KATE Green MP has spoken out in Parliament against the proposed Davyhulme biomass plant.

After a high profile campaign against the proposed Barton Renewable Energy Plant (BREP), Trafford Council rejected Peel Holdings’ planning application in 2011.

Peel appealed against the decision and a public inquiry was held in November last year, a decision on which is expected from the secretary of state in May.

Speaking at a parliamentary debate on biomass, Ms Green questioned whether biomass energy is always sustainable.

She said: “I know that many people living in Urmston, Davyhulme and Flixton are very concerned about the impact on the environment of the proposed plant, and the potential impact on health.

“The area already falls short of air quality standards, and local people are worried the proposed plant will make matters worse.”

“It is important that there is absolute transparency about whether environment policy is being complied with, and I hope that this debate has helped to bring concerns about the Davyhulme incinerator to the attention of the government.”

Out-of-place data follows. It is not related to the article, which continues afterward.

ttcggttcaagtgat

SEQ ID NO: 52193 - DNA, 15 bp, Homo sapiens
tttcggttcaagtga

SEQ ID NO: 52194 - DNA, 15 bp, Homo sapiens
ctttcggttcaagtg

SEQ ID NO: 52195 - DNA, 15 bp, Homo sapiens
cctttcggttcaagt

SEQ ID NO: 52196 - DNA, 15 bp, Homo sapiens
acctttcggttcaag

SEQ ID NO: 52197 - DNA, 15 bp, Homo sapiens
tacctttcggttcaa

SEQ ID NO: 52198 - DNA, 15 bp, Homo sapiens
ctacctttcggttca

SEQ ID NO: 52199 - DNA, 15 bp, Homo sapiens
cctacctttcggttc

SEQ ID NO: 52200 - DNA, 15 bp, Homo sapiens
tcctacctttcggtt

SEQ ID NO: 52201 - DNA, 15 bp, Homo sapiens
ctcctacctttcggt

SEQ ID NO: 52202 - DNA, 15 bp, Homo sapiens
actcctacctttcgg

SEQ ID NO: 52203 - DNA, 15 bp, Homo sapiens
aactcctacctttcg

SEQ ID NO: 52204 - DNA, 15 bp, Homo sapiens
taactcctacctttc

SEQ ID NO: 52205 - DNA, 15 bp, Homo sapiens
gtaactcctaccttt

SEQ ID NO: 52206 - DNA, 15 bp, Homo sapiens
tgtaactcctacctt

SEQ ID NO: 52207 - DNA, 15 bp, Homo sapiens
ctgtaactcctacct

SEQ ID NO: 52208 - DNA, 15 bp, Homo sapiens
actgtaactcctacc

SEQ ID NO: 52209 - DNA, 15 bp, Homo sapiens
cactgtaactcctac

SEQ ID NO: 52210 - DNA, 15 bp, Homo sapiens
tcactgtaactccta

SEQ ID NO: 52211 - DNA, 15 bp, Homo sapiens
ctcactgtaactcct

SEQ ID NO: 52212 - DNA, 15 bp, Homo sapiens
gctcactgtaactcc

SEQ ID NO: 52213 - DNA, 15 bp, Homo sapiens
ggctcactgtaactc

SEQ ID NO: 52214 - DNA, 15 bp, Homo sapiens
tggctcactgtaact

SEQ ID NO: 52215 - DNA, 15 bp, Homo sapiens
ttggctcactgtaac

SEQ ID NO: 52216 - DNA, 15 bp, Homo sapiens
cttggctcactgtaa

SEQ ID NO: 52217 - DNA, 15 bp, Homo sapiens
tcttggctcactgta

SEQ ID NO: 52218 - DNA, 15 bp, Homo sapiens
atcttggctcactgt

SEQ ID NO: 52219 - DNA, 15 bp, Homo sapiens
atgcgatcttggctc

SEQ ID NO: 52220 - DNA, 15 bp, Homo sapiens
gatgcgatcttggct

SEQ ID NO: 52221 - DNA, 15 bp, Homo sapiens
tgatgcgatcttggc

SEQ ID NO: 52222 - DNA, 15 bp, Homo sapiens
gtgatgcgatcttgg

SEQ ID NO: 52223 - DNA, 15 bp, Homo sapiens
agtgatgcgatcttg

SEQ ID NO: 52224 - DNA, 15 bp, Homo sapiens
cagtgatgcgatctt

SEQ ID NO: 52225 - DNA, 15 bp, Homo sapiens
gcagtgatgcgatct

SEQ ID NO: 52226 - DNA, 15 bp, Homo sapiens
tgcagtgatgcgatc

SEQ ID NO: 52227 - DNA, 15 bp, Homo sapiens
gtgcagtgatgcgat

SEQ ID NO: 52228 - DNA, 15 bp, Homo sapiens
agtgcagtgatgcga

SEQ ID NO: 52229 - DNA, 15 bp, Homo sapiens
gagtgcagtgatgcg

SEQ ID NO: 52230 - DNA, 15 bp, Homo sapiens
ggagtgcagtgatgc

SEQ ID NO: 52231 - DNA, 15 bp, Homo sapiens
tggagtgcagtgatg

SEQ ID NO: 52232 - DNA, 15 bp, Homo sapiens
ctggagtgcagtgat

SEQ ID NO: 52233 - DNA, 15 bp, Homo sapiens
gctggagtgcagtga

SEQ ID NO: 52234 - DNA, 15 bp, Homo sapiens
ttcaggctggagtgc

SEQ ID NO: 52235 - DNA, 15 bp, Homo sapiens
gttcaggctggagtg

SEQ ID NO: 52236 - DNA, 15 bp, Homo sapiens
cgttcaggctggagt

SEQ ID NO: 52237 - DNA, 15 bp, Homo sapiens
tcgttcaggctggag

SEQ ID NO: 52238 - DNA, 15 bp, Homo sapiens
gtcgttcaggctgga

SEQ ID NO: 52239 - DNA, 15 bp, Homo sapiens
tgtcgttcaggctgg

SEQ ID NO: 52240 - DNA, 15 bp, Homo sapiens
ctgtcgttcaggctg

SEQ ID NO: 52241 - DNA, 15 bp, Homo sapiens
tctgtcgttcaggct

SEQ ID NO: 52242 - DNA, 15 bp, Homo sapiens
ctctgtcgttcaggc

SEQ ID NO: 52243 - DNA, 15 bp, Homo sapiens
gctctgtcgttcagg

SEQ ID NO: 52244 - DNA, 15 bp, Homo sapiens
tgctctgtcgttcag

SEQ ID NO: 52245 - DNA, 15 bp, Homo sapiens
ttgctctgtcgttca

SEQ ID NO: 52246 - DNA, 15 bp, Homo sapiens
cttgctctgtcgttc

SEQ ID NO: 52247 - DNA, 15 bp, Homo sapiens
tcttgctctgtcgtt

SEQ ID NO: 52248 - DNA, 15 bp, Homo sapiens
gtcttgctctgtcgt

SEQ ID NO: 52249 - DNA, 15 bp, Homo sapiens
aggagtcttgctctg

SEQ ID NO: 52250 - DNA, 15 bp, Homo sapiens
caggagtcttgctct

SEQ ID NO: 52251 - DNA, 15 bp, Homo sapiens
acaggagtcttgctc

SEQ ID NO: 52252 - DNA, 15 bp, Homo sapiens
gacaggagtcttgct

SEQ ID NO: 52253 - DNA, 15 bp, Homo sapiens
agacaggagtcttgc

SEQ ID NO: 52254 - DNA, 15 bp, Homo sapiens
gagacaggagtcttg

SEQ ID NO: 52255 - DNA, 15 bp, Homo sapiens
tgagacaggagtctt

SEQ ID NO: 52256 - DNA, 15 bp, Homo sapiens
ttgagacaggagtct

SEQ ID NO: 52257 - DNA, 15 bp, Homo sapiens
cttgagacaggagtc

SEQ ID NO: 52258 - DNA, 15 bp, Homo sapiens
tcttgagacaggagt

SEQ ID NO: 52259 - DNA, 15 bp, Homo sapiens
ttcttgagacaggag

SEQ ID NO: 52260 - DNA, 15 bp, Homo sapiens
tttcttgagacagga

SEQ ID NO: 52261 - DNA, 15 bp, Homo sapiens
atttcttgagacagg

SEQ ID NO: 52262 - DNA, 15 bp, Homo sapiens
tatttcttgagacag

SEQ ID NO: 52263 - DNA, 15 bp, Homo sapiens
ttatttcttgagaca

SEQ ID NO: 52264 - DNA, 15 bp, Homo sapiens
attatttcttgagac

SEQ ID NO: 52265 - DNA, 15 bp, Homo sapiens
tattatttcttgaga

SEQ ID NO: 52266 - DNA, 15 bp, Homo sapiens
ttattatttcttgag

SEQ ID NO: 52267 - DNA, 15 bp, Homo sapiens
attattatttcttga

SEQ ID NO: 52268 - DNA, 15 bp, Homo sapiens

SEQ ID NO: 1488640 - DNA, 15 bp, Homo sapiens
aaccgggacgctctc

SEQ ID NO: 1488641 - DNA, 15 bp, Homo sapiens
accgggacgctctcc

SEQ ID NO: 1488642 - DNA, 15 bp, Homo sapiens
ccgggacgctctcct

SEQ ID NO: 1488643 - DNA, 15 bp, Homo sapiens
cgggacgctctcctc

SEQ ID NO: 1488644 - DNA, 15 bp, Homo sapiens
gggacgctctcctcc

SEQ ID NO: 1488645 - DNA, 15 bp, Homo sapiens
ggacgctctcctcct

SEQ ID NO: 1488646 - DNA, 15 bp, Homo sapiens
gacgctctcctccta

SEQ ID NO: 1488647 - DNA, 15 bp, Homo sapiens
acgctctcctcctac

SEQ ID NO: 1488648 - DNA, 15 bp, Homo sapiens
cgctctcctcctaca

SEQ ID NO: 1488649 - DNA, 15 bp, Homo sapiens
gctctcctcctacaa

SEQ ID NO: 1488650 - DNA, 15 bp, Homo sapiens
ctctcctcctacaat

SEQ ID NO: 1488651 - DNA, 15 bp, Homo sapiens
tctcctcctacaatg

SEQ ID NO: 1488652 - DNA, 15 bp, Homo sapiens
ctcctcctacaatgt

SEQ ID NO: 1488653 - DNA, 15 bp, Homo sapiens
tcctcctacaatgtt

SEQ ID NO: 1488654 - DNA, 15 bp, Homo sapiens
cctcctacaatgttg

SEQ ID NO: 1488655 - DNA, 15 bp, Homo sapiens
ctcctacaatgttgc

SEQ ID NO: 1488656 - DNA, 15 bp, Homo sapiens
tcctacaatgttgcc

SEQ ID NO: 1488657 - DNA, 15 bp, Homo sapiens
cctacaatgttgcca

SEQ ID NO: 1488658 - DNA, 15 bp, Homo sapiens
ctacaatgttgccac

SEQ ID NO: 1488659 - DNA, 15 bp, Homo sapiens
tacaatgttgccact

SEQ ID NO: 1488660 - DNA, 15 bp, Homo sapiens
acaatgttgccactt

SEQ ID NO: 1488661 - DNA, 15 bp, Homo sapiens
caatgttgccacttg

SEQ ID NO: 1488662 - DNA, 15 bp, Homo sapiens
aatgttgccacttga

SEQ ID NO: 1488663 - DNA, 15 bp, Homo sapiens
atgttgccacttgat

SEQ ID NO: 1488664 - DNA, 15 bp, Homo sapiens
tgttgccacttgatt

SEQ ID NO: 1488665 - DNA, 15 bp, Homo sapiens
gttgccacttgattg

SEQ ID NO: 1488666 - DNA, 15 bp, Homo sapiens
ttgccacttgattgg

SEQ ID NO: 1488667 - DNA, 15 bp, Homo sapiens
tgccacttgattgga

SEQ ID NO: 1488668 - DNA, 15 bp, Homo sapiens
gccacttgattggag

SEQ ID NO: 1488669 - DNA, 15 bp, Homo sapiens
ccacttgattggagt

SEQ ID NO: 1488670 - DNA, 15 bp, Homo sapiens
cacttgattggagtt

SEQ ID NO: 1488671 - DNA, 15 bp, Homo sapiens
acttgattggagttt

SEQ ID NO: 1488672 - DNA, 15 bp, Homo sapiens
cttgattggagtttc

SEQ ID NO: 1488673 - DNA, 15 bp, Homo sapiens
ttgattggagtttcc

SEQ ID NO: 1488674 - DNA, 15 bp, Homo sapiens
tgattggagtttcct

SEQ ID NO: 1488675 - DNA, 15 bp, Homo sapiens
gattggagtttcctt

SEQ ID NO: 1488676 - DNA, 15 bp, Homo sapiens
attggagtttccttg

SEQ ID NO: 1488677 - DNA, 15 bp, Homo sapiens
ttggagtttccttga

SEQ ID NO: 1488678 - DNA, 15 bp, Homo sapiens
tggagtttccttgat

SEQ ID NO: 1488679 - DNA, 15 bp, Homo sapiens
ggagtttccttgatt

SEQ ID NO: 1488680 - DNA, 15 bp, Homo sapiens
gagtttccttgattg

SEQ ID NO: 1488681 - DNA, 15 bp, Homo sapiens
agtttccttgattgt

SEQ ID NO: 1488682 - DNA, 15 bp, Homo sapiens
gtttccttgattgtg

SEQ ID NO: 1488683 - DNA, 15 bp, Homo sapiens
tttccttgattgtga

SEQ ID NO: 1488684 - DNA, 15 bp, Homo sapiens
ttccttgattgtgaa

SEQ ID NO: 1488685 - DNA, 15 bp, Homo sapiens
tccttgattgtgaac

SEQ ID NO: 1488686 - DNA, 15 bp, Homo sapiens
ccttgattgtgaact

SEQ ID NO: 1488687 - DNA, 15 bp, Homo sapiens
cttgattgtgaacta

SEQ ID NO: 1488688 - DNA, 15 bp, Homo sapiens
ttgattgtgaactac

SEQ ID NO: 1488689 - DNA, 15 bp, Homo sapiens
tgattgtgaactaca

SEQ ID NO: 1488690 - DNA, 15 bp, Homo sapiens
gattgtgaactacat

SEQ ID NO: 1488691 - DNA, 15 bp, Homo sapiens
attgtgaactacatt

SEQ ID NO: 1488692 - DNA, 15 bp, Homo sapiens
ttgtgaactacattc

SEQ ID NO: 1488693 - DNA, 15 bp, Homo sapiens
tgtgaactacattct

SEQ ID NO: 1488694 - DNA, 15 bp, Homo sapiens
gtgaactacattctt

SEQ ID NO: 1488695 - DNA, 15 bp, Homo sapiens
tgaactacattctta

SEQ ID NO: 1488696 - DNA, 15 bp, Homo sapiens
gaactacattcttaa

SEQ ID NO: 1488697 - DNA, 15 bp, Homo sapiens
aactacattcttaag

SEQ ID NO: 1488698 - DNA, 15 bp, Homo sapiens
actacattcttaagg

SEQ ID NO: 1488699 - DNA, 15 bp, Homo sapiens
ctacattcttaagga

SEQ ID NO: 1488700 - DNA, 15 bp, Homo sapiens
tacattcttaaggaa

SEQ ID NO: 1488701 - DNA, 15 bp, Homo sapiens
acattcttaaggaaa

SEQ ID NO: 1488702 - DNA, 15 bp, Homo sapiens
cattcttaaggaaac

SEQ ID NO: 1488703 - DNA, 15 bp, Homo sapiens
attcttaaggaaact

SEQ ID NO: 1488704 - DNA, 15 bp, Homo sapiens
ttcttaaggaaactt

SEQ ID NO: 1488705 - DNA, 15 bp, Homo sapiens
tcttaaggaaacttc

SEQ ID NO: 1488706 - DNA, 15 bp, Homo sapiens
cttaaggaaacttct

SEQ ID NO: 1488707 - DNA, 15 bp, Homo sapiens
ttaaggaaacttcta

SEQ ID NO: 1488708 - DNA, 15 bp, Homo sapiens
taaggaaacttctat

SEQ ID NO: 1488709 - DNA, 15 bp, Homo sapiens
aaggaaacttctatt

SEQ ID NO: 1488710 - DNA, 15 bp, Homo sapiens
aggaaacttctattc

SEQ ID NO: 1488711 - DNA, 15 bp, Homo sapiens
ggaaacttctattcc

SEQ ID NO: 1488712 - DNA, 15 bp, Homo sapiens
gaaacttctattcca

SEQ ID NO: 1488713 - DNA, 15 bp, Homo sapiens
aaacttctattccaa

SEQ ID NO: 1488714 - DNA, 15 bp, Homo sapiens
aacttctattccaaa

However, Jon England, project manager at Peel Energy, has disputed Ms Green’s claims.

“No objections to the planning application were received from any of the professional consultees which were consulted by Trafford Council,” he said.

“The Environment Agency issued an operating permit in October 2012 because it is satisfied that the plant will generate safe renewable electricity using best available technology.

The Environment Agency regulates all such plants in England and Wales.

“The Barton Renewable Energy Plant proposal would export enough low carbon electricity to the National Grid to meet equivalent demand of approximately 37,000 homes in the north-west.”